Homeopathically, the remedies that fit this picture are veratrum album and carbo vegetabilis, with the potency delivered (in this case) of 10m in the amount of four drops. Carbo vegetabilis is a vegetable charcoal, and presents itself for conditions of "degeneration" that reflect poor oxygenation of the blood system, making it quite appropriate for an atonic condition. Veratrum album is a flower that addresses conditions of collapse with extreme coldness, prostration, cold sweat, spasm of limbs, fainting, lusterless complexion, and chills with extreme coldness.

The clinical picture for this remedy is an icy-cold body, loss of fluids, a lifeless lassitude, a collapsing state with its attendant feeble pulse, tremors, profuse cold sweat, cold limbs, cardiac pulsation throughout the body, stiffness of the limbs, and dizziness.

Additional information was evidenced from the patient, who indicated a history of several such incidences over the past two years, without any appreciated diagnosis or sustained plan of treatment.

As there appeared to be reactive capacity, it was inferred that intracellular structures and enzymatic actions remained with integrity, and that the filtering actions of the "matrix"13 remained visible. This patient's condition appeared to be rooted within the deposition phase at an immunological stage of disharmony, and with an assault within the impregnation phase, wherein the organism's reaction appeared with some aspects of regulatory rigidity. This was evidenced by impaired blood circulation with its attendant deficiency of nutrient transport and condensation of homotoxins, resulting with an apperance of collapse.

The plan of treatment with homotoxicological remedies was with a composition and an injeel, which was applied SC at G 25. The remedies selected were Cor Compositum and Circuloheel, both remedies by Heel.14

The composition constructs from Heel offer low-potency constituents that cover a broad range of therapeutic action, offering remedies with "similar or complementary tropism action ... are particularly suitable in serious pathologies for their quickness ... connected just to the histopathological problem ... and deeper than medical herbs."15

Cor Compositum offers low-potency components that are directed to degenerated regulatory organ function, tonics (which clear circulatory stasis), and supportive remedies for the cellular protagonists.16

Circuloheel is a combination of a polycord of single remedies in which "... the administration of a potency chord the organism is addressed on several hierarchical levels ..." In this instance, the remedy attends to peripheral circulatory impediments with cold-type manifestations and offers an immanency of reaction.17,18

Testis compositum by Heel is being offered as a long-term protocol, as it is supportive of various metabolic disturbances. It accomplishes this by addressing specific organ tissue, tonification properties, and rectification of the mitochondria by regressive vicariative action due to cortisol flooding. It is of particular value when there is suspicion of an impediment along the hypothalamus-pituitary-adrenal pathway. It is suggested that this is administered Monday and Thursday, between the hours of 5 p.m. and 6 p.m.19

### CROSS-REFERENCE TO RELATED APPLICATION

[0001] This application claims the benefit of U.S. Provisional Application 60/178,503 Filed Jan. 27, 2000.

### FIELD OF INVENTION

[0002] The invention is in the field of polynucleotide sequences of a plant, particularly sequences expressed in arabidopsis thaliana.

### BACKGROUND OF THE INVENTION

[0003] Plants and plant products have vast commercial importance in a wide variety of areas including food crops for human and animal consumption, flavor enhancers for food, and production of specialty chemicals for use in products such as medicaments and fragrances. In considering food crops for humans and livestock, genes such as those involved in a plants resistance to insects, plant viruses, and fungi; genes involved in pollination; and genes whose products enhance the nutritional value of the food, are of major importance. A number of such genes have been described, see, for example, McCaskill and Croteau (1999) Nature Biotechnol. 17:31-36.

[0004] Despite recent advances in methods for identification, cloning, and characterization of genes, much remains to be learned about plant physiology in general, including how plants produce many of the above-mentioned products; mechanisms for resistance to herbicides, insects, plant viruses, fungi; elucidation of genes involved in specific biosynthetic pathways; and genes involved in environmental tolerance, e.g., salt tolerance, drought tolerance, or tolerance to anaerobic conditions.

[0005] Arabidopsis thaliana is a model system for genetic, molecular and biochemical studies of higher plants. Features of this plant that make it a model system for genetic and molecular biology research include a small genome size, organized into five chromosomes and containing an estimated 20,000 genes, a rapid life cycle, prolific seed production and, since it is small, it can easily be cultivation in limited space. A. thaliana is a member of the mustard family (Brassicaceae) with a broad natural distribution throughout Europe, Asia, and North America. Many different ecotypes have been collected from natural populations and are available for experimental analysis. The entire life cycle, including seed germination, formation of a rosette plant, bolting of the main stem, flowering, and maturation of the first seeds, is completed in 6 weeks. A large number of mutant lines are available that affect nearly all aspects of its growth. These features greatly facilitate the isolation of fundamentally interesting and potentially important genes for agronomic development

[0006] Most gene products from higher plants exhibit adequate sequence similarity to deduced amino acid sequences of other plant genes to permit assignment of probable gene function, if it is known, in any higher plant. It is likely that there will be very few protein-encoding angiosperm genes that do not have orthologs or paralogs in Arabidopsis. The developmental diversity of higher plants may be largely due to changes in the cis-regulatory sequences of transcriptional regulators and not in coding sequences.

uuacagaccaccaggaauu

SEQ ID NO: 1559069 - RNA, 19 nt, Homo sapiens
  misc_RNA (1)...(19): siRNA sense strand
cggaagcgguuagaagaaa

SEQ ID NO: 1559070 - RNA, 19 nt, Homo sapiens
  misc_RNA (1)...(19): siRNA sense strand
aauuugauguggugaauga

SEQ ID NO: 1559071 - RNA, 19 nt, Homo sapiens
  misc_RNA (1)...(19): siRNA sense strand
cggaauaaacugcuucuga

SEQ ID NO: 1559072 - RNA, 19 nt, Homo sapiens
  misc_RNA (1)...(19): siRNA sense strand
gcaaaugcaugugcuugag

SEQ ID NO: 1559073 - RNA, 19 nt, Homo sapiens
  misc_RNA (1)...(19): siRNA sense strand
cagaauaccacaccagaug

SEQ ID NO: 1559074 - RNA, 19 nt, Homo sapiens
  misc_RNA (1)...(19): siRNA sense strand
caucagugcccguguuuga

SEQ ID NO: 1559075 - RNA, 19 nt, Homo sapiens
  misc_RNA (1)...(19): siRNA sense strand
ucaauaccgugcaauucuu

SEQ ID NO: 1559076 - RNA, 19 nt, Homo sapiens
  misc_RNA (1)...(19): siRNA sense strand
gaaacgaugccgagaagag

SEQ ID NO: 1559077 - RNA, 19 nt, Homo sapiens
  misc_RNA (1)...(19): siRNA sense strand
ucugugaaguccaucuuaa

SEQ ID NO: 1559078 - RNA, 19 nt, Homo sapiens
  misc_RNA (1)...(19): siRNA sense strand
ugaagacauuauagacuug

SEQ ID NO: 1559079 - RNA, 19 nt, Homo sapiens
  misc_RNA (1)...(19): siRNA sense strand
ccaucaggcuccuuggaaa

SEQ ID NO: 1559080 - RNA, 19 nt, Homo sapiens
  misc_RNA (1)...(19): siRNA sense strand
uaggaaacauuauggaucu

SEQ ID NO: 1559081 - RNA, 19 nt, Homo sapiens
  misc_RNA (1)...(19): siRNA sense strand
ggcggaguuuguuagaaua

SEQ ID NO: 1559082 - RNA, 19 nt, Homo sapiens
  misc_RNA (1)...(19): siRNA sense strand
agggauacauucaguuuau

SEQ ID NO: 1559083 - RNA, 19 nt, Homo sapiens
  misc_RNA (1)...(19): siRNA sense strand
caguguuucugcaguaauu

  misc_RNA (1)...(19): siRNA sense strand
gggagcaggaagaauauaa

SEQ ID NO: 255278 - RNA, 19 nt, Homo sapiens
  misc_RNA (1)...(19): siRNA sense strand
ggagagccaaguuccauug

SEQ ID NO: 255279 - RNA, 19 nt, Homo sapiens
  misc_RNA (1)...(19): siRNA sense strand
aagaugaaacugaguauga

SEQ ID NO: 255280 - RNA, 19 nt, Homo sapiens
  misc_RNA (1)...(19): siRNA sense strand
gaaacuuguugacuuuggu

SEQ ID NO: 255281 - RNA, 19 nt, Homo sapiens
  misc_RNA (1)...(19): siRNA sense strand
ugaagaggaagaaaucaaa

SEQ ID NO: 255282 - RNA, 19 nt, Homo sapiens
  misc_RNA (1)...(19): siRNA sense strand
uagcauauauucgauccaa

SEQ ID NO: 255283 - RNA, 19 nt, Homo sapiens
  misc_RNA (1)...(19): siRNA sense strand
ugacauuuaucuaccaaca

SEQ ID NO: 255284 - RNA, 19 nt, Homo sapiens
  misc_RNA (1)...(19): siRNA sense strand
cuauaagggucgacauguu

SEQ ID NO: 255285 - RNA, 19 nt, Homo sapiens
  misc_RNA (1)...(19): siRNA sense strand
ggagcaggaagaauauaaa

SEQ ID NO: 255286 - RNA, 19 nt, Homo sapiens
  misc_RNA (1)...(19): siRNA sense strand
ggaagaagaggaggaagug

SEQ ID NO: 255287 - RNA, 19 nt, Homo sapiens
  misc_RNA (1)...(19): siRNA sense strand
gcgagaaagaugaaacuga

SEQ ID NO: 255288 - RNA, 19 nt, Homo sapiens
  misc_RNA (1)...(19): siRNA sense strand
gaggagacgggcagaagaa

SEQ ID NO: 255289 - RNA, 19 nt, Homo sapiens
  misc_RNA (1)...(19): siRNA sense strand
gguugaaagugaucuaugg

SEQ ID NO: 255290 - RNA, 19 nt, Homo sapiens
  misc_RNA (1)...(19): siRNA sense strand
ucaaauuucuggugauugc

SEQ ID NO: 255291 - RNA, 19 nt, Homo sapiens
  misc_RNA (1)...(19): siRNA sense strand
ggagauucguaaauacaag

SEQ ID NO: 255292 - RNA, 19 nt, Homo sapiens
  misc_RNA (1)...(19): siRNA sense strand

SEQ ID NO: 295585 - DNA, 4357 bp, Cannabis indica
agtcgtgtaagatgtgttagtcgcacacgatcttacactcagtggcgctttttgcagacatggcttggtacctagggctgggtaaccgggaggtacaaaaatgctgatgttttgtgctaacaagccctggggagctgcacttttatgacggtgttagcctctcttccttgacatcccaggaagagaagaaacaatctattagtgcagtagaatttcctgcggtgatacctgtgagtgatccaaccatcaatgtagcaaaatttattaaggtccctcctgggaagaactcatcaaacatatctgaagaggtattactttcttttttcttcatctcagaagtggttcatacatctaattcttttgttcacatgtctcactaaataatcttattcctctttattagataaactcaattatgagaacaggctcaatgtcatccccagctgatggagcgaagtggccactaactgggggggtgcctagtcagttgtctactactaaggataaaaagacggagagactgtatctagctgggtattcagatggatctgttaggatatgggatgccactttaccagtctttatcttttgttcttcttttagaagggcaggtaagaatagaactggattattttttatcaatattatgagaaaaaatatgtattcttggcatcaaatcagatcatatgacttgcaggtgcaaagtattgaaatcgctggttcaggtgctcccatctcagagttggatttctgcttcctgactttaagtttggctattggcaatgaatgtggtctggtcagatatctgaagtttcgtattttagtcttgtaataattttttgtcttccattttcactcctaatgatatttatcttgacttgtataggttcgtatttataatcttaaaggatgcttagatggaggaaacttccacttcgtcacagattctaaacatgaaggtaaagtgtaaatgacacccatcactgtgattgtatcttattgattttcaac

Ren shen yang ying tang is being offered as an herbal long-term protocol for consumptive disorders that require support of the ying chi of the body. It is suggested that 3 grams be taken three times per day (a.m. - midday - 5-6 p.m.).20

In sum, the original diagnosis was of a deficiency of heart yang, and the apparent plan was to lift the yang, whereas the condition was more likely a devastated yang, requiring a plan of treatment that warmed the yang and expelled the cold from the interior. In conventional medicine, it appeared as a condition of shock, requiring the immediate elevation of blood pressure to prevent organ failure and death. The original plan of treatment failed due to an erroneous diagnosis, and emphasizes the adage that it is easy to prescribe, but difficult to diagnose.

The distinctive benefit of the protocol herin applied both for the acute presentation and the long-term treatment is the value of integrative medicine by offering complementary mechanisms to attend to a totality of signs and symptoms, with the intention of generating regressive vicariation with the least adverse consequences.

References

  1. CAM. Chapter 13: Differentiation of symptoms, 1990, pp. 278-279.
  2. Tonify chi. In: Chinese Herbal Medicine, Formulas & Strategies, 1990, pp. 235-241.
  3. CAM. Chapter 13, 1990, p. 279.
  4. Ibid, pp. 281-282.
  5. The Merck Manual, 17th edition. 1999, pp. 1704-10.
  6. PDR for Herbal Medicine, 1st edition. 1998, pp. 1009-10.
  7. Bensky and Gamble. Materia Medica, 1993, pp. 314-18.
  8. Ibid, pp. 29-30.
  9. Ibid, pp. 300-03.
  10. Bensky & Barolet. Formulas & Strategies, 1990, pp. 215-31.
  11. CAM. Chapter 13: Shaoyin syndrome, 1990, pp. 316-317.
  12. Murphy R. Lotus Materia Medica, 1995, pp. 363-69, 1770-76.
  13. Biotherapeutic Index. Ordinatio Antihomotoxica et Materia Medica, 2000, pp. 18-19.
  14. Ibid, pp. 22-24.
  15. Bianchi I. Homeopathic Homotoxicological Repertory, 1995, p. 331.
  16. Biotherapeutic Index, pp. 319-320.
  17. Ibid, pp. 313-314.
  18. Homeopathic Homotoxicological Repertory, p. 405.
  19. Biotherapeutic Index, pp. 412-14.
  20. Formulas & Strategies, p. 260.